The history of Pella goes back much further than the settlement of Pella in 1847. The Pella-area’s Native American history precedes its Dutch history as the Sac and Fox tribes lived nearby. The Sac became their Americanized name, but they called themselves the Osakiwug, “people of the yellow earth.” The Fox called themselves the Meskwaki, “people of the red earth.” Due in part to their many cultural and linguistic similarities, the two tribes fought together against the French in the early-1700s French and Fox Wars. They eventually merged and settled along the Des Moines River in south central Iowa. By 1800, the tribes had a solid foundation and settlement in the territory. Into the mid-1800s, the tribe lived throughout central Iowa, including the area around present-day Pella.


In 1842, Sac leader Chief Keokuk agreed to sell the tribe’s land to the United States government for $800,000, a payout of seven cents per acre, in an agreement called the New Purchase. The agreement gave the tribes three years to fully leave Iowa, but they had to move west of the state’s halfway point within the first year. This was called the Red Rock Line and was located about 10 miles west of Pella. The line became a strategic trading center between the Native Americans and white settlers and brought many people to settle along the line, many near where Pella is today. The Sac and Fox tribes eventually relocated to modern-day Kansas. In 1856, Meskwaki tribe members secured land in Tama County for a modest reservation.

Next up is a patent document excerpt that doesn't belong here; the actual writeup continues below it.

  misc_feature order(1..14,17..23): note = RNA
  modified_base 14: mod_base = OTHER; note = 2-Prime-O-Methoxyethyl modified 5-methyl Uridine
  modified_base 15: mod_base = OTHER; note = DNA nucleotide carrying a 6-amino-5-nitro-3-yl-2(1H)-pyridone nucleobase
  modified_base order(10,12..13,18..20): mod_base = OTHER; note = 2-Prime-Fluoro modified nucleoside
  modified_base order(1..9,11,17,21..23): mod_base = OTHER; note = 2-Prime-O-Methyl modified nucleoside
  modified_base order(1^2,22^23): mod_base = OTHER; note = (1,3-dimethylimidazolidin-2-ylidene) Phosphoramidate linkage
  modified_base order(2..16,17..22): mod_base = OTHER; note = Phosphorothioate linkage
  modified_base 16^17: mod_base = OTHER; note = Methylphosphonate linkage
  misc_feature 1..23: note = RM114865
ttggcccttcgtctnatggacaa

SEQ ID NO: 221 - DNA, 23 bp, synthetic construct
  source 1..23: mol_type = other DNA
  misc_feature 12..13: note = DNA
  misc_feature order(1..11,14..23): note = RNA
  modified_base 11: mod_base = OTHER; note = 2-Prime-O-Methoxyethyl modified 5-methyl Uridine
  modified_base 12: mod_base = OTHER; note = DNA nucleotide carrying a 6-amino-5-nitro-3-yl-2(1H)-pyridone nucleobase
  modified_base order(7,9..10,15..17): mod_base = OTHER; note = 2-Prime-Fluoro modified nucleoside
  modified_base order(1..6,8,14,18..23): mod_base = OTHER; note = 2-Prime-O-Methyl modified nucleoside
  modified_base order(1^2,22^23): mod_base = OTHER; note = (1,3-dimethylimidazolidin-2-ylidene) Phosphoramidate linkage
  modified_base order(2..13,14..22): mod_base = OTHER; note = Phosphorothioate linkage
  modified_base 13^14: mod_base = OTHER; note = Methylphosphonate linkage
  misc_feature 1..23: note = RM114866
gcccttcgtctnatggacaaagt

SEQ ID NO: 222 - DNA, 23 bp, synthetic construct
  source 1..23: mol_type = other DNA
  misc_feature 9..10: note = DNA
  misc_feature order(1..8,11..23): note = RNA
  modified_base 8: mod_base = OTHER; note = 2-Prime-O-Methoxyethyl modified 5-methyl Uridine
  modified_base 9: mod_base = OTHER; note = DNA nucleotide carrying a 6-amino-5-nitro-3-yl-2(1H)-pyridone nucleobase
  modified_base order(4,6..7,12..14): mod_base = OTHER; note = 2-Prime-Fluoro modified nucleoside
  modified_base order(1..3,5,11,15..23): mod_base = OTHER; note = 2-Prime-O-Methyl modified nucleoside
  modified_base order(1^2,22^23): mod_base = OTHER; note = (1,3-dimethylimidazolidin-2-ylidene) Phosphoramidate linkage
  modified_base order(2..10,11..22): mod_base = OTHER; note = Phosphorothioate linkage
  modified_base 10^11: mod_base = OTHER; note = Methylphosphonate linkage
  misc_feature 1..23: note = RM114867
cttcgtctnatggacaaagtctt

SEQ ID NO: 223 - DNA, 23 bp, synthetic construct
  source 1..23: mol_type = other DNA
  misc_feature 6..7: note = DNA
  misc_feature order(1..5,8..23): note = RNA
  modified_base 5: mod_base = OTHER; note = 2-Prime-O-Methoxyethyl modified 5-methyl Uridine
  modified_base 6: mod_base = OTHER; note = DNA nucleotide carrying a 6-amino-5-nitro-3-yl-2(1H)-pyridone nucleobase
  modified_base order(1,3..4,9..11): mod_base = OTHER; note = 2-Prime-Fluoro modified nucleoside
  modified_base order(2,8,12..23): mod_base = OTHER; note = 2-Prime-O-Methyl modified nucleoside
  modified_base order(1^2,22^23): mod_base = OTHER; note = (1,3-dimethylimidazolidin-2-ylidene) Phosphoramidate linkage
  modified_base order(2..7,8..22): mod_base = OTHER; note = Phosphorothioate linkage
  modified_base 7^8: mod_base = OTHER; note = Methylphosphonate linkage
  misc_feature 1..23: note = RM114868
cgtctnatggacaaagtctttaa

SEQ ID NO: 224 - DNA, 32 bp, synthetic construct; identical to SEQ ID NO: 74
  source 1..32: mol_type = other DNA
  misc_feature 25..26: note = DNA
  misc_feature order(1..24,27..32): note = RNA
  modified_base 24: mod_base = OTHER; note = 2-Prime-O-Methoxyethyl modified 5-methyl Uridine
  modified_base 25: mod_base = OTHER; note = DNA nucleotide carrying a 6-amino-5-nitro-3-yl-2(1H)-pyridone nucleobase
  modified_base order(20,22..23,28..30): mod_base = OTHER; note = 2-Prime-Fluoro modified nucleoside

Before the Dutch arrived in 1847, a group of white settlers arrived in May 1843, settling in northeast Marion County. In mid-May Nancy and Thomas Tuttle arrived in the area. Four years later in July, an itinerant preacher and local mail carrier, the Rev. Moses Post, guiding five Dutchmen, stopped at the Tuttle’s log cabin. Only one of these men could speak English besides Post, and that was Dominie Hendrik Peter Scholte, who, on that day, offered to buy the Tuttle claim with gold he had brought from the Netherlands. The Tuttles accepted the offer. Some of the earliest white settlers sold their land to the Dutch and left the area. Others stayed and became founding members of Pella right along with the Dutch immigrants.


Iowa became a state in December 1846 when President James K. Polk signed Iowa into the union as the 29th state. Following Iowa statehood, a large campaign attracted migration to Iowa. With the recent Native American removal, newly opened land was available for settlers to claim. New communities of these settlers formed across the state.